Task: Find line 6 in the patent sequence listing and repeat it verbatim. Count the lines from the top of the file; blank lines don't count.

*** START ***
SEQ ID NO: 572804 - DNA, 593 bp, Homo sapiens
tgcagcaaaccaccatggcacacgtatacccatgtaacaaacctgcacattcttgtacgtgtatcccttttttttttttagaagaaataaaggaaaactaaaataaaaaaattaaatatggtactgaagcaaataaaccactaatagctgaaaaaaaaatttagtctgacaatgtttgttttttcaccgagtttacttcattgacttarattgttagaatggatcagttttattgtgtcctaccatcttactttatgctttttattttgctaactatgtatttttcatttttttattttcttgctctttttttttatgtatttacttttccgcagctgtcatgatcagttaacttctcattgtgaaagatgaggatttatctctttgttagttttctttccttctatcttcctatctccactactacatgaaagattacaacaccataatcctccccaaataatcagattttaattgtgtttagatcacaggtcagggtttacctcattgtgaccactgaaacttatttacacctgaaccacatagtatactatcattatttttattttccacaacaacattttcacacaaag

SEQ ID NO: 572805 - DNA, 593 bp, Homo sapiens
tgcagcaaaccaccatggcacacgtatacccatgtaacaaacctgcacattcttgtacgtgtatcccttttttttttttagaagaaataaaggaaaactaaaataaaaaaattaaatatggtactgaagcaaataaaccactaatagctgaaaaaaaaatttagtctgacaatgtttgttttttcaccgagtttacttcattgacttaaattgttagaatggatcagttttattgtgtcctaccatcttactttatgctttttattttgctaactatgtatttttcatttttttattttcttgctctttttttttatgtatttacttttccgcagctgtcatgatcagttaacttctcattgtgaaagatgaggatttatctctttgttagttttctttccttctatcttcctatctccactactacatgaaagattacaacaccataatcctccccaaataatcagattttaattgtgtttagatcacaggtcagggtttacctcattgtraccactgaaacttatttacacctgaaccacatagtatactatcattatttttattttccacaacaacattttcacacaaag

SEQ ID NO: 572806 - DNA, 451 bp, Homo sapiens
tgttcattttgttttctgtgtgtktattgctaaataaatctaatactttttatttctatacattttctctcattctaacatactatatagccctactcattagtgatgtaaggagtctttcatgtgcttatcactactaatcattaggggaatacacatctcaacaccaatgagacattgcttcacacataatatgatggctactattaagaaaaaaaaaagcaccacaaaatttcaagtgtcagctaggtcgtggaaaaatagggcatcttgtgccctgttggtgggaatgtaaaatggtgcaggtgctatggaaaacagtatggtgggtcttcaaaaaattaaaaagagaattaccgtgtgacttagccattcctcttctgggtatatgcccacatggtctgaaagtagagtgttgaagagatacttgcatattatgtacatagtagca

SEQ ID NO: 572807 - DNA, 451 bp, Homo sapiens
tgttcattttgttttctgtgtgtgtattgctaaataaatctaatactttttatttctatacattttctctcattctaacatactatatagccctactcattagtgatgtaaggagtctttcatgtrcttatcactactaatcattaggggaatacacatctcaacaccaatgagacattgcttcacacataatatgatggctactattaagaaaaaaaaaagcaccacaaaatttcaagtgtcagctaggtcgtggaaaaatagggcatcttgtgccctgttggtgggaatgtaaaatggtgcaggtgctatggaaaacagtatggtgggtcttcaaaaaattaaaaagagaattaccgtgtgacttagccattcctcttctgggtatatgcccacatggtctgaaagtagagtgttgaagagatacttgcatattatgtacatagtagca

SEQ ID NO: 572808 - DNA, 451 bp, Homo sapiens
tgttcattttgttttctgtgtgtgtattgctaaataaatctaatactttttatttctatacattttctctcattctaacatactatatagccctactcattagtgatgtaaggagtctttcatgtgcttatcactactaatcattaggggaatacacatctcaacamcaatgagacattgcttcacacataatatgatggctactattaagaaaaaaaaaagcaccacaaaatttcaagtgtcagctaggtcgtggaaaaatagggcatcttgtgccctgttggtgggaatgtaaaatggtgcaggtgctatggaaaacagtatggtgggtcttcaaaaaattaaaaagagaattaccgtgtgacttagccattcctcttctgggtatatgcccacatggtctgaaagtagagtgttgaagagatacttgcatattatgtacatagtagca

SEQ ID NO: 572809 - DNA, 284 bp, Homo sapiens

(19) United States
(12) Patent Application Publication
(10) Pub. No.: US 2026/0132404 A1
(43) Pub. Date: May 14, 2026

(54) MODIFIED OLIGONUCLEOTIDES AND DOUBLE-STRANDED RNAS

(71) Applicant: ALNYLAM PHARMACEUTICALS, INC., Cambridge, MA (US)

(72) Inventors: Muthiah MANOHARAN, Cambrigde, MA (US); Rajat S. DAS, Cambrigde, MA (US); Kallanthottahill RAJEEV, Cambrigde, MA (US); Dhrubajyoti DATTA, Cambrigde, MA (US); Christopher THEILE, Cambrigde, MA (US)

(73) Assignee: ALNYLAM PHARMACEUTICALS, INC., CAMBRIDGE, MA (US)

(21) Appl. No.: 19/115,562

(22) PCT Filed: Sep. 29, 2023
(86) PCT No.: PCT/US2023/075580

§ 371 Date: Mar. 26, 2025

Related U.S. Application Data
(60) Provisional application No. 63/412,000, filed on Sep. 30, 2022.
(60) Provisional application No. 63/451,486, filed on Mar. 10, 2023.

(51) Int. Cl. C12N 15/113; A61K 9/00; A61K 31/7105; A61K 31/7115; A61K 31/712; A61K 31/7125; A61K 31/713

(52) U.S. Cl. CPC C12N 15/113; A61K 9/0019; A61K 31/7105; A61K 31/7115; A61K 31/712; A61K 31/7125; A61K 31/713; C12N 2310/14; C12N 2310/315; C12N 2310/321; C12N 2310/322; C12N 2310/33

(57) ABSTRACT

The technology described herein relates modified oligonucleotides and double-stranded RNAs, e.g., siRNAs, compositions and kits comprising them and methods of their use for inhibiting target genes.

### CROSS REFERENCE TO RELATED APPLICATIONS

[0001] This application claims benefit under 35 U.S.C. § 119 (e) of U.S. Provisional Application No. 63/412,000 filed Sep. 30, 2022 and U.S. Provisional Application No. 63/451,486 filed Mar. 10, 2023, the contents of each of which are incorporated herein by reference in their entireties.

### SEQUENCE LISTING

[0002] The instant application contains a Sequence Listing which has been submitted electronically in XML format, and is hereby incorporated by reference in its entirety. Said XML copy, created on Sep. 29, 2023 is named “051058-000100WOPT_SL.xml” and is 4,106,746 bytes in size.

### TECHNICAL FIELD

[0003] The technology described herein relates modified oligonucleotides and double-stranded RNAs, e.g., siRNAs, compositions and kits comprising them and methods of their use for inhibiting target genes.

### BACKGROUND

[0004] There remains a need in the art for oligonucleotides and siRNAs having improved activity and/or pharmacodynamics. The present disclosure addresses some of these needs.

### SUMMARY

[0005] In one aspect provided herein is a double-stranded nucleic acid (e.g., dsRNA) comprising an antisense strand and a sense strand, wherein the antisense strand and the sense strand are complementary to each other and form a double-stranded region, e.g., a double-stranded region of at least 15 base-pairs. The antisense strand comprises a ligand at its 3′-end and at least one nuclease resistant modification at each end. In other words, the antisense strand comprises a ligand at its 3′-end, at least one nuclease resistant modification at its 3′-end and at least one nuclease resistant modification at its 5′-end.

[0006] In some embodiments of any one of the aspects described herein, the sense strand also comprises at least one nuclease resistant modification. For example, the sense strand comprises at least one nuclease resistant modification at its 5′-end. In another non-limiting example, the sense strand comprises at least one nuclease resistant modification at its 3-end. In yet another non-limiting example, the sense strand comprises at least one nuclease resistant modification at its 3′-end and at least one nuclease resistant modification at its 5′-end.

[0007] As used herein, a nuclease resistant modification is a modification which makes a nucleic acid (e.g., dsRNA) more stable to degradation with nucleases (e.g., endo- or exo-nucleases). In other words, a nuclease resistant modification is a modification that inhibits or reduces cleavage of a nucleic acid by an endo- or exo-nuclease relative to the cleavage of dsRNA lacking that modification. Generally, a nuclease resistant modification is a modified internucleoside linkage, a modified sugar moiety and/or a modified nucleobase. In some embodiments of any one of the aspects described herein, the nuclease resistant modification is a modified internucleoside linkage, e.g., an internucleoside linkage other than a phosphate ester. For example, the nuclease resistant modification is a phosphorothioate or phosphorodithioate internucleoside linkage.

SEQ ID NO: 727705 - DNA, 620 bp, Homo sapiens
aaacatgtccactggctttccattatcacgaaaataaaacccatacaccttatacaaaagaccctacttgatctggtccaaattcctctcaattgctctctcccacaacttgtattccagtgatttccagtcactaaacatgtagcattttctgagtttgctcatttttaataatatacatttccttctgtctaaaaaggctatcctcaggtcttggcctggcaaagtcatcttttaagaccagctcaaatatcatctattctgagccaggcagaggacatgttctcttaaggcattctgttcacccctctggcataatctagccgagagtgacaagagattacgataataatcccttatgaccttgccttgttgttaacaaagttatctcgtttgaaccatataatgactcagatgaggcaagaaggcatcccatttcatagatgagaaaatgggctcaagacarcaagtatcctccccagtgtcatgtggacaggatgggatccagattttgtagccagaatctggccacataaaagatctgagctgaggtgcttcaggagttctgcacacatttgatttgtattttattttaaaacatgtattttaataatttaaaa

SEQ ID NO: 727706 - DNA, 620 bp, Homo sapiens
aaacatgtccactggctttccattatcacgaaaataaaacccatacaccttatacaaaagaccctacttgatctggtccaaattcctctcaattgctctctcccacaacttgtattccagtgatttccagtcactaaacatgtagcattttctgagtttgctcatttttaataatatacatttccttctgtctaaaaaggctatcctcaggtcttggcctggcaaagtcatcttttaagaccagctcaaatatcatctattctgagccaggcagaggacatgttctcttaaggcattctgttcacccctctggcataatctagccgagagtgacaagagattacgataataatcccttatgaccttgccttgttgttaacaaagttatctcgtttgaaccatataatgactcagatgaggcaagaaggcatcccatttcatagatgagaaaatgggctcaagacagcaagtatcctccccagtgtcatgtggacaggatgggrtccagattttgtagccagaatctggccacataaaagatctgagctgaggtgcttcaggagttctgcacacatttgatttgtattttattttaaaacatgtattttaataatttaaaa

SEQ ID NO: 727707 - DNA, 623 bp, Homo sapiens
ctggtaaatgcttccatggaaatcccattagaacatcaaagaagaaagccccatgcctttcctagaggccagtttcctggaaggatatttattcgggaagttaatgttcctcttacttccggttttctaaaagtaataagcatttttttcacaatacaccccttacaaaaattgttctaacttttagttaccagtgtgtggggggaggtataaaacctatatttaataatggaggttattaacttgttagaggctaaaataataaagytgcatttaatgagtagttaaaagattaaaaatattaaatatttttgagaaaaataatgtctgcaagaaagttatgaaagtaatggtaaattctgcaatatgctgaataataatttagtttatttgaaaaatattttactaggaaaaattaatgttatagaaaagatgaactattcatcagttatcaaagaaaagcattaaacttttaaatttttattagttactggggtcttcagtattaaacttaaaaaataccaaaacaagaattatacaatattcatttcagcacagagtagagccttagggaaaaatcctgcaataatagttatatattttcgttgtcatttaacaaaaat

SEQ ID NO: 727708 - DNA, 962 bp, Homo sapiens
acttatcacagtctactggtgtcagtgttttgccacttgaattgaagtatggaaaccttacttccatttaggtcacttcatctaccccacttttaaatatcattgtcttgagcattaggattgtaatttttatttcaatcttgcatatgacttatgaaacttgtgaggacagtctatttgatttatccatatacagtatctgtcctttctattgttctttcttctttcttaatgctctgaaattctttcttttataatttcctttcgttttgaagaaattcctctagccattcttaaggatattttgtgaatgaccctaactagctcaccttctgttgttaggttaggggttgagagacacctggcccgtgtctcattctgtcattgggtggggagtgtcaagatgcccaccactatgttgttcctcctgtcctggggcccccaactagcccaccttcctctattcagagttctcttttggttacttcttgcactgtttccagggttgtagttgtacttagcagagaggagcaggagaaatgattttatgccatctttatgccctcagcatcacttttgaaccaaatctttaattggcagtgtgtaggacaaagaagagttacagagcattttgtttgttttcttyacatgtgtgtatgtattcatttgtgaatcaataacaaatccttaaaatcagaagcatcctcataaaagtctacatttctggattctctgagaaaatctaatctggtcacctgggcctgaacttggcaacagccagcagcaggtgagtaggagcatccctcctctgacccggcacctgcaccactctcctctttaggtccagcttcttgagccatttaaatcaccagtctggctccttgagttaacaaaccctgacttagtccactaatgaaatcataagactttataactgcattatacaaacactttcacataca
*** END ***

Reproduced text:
tgttcattttgttttctgtgtgtktattgctaaataaatctaatactttttatttctatacattttctctcattctaacatactatatagccctactcattagtgatgtaaggagtctttcatgtgcttatcactactaatcattaggggaatacacatctcaacaccaatgagacattgcttcacacataatatgatggctactattaagaaaaaaaaaagcaccacaaaatttcaagtgtcagctaggtcgtggaaaaatagggcatcttgtgccctgttggtgggaatgtaaaatggtgcaggtgctatggaaaacagtatggtgggtcttcaaaaaattaaaaagagaattaccgtgtgacttagccattcctcttctgggtatatgcccacatggtctgaaagtagagtgttgaagagatacttgcatattatgtacatagtagca